MCPS, teachers far apart on contract; mediator requested

2012-06-01T07:00:00Z 2012-06-25T18:29:10Z MCPS, teachers far apart on contract; mediator requestedBy CHELSI MOY of the Missoulian missoulian.com
June 01, 2012 7:00 am  • 

With five days left until the Missoula County Public Schools District breaks for summer, Missoula Education Association president Melanie Charlson thinks Superintendent Alex Apostle should stop paying attention to other school districts and start paying attention to unresolved issues at home.

She’s not alone.

“There’s so much anxiety in the district that it’s of grave concern to employees,” said Dave Severson, a field consultant for the state teachers union.

While the MCPS classified staff reached an agreement with the district this week for a 25-cent hourly raise, teachers will break for summer without having ratified a contract for the second year in a row.

In fact, teachers and the district are so far apart in their proposed pay increases that the MEA has requested the assistance of a state mediator. It’s been more than five years since negotiations between the two parties have required a mediator.

While both sides want a resolution, Charlson said, the teachers have proposed a 2.75 percent raise while the district has proposed a 1.25 percent raise, with a $500 one-time-only stipend for veteran teachers.

*****

Missoula County Public Schools District is the only AA district in the state that has not reached an agreement with teachers on pay, Charlson said.

“I’m hopeful the mediator will assist us to get to a meaningful agreement,” she said.

Charlson went on to say that Apostle “being present and attentive to the process is important to the conclusion of the process. He’s the final say.”

She’s concerned, she said, because Apostle has been a finalist for two superintendent jobs at larger school districts in the Northwest in the past two months. In both cases, another candidate was hired.

“I think he needs to keep his eyes on issues closer to home,” Charlson said.

Apostle, on the other hand, said the district will continue to negotiate in good faith. The district is doing its best to be “equitable and fair,” he said, as well as transparent and forthcoming. The unions understand the financial perameters that the district is working within, he said.

Apostle is not involved directly with negotiations but was kept up to date daily on its progress while he was away from the district, he said.

“There is no correlation between bargaining and the fact that I was interviewing for positions,’ Apostle said.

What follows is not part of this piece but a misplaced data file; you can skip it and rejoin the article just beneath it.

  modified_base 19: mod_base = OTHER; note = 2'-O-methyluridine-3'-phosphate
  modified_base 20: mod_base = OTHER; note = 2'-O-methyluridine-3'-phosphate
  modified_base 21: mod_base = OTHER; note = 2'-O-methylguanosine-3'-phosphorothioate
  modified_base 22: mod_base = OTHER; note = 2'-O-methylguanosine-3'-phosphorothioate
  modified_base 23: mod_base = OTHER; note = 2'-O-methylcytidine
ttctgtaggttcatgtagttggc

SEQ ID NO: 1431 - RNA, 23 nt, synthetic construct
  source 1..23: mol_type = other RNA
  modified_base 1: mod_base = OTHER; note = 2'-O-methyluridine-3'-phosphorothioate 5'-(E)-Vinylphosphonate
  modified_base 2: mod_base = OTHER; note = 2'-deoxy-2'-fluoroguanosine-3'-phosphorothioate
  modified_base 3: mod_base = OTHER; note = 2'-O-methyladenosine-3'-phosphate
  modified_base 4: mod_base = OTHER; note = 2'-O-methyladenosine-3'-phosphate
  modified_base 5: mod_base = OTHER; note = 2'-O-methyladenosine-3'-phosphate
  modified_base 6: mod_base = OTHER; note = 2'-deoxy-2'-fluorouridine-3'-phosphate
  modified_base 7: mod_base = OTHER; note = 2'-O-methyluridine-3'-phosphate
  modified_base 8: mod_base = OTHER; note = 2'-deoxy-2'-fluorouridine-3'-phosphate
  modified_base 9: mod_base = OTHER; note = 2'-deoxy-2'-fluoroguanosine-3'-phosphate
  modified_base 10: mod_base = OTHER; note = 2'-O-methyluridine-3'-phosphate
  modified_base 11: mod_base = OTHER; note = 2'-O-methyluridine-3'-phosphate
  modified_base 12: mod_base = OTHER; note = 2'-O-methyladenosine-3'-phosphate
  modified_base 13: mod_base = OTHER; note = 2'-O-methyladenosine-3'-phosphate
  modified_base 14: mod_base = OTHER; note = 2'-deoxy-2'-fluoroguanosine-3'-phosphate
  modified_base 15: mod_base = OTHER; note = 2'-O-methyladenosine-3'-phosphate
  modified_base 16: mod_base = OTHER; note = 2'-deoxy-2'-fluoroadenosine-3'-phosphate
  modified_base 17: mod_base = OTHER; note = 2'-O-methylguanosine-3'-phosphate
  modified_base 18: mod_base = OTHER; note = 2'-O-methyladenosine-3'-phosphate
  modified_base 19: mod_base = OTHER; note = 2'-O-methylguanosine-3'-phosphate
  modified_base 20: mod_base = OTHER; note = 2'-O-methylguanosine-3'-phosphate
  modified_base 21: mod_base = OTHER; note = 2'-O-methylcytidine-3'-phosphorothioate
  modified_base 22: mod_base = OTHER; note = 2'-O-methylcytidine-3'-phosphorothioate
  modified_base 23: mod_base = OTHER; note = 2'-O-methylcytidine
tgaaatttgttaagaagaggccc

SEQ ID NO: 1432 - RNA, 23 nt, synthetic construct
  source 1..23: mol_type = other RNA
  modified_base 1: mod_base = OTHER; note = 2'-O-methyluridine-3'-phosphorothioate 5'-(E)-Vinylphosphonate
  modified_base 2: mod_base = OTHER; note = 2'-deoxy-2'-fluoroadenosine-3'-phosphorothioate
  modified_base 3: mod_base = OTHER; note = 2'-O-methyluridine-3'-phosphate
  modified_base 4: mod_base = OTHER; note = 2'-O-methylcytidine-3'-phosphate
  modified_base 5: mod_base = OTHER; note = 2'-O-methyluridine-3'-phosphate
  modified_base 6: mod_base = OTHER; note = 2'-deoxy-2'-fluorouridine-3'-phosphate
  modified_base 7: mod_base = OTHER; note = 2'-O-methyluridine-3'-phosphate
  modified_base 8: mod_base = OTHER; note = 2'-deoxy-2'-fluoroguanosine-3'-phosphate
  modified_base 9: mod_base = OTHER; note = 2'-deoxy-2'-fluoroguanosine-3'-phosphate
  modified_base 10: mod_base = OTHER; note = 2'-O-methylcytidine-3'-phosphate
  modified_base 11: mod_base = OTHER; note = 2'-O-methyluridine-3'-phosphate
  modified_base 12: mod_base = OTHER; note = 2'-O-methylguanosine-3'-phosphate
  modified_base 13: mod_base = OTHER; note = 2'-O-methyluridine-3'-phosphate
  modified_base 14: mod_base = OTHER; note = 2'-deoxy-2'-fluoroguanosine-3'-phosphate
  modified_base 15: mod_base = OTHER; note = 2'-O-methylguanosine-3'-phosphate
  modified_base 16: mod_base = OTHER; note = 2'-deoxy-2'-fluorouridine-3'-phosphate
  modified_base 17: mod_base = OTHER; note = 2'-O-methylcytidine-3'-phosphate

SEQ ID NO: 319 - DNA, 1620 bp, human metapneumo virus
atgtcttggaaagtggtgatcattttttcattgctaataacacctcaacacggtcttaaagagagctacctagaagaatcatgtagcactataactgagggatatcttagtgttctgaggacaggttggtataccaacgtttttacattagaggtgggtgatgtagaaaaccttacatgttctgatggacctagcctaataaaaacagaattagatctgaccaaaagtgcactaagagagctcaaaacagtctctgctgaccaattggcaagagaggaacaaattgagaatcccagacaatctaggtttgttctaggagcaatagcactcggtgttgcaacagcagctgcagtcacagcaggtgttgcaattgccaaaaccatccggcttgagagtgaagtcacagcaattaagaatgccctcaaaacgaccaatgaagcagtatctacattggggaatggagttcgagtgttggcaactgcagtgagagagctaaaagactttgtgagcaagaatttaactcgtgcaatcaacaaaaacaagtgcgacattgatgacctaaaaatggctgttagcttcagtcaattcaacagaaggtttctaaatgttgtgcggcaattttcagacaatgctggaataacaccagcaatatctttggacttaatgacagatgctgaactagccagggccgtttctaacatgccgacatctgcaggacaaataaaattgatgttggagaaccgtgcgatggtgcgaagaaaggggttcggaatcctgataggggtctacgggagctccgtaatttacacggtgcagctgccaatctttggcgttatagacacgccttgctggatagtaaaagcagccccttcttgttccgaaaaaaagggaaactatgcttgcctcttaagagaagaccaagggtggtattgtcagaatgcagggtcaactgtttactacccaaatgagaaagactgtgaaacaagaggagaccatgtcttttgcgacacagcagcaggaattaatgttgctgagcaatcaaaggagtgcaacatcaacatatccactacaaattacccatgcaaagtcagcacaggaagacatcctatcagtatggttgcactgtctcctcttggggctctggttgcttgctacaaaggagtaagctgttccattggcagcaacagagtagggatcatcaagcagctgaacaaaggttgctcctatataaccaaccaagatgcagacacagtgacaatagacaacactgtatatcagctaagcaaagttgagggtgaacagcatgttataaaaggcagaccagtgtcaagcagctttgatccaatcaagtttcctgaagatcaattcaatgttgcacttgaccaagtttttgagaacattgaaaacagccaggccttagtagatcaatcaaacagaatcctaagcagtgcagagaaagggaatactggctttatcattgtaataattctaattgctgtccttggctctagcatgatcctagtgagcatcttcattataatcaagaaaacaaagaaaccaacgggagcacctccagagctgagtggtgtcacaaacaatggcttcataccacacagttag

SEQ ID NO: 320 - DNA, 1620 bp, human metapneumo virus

*****

Several school board members have voiced public support for retaining Apostle if he gets an offer from another district. Those discussions wouldn’t take place, though, unless Apostle had another job offer in hand, said Toni Rehbein, chairwoman of MCPS board of trustees.

However, there’s concern among the teaching staff that history could repeat itself. Two years ago, the school board gave Apostle a 10 percent raise after union and non-union MCPS employees accepted a 0.5 percent raise in base salary.

Charlson has publicly questioned the school board about its intentions to increase Apostle’s salary or benefits if he is offered a job elsewhere. She also asked where that money would come from – as budgets are tight leading into the next academic year.

Charlson has not received an answer, and said she feels the school board should be as concerned about teacher retention and salaries as they are about Apostle’s.

“There continues to be this pro-central-administration viewpoint from the board,” she said. “We don’t want a repeat of two years ago. Our fear is where we settle for something minimal in the best interest of the district and he gets a raise.”

Also, questions continue to swirl about what will happen with administrative jobs at two of the high schools. Teachers wonder to what extent they’ll play a part in deciding who fills those vacancies, Charlson said.

Meanwhile, the Merged Missoula Classified Employees union, representing close to 400 members, on Tuesday reached an agreement with the school district for a 25-cent hourly raise for all MCPS classified staff.

It’s the first time the classified staff has received a lump-sum increase rather than a percent increase in pay. This is an important distinction because classified staff traditionally are paid less than certified staff and administrators.

“It was give-and-take the entire way,” said Sheri Postma, president of the classified employees’ organization. “We were meeting in the middle, happy with the way things were going and, in the end, felt it was a fair settlement.”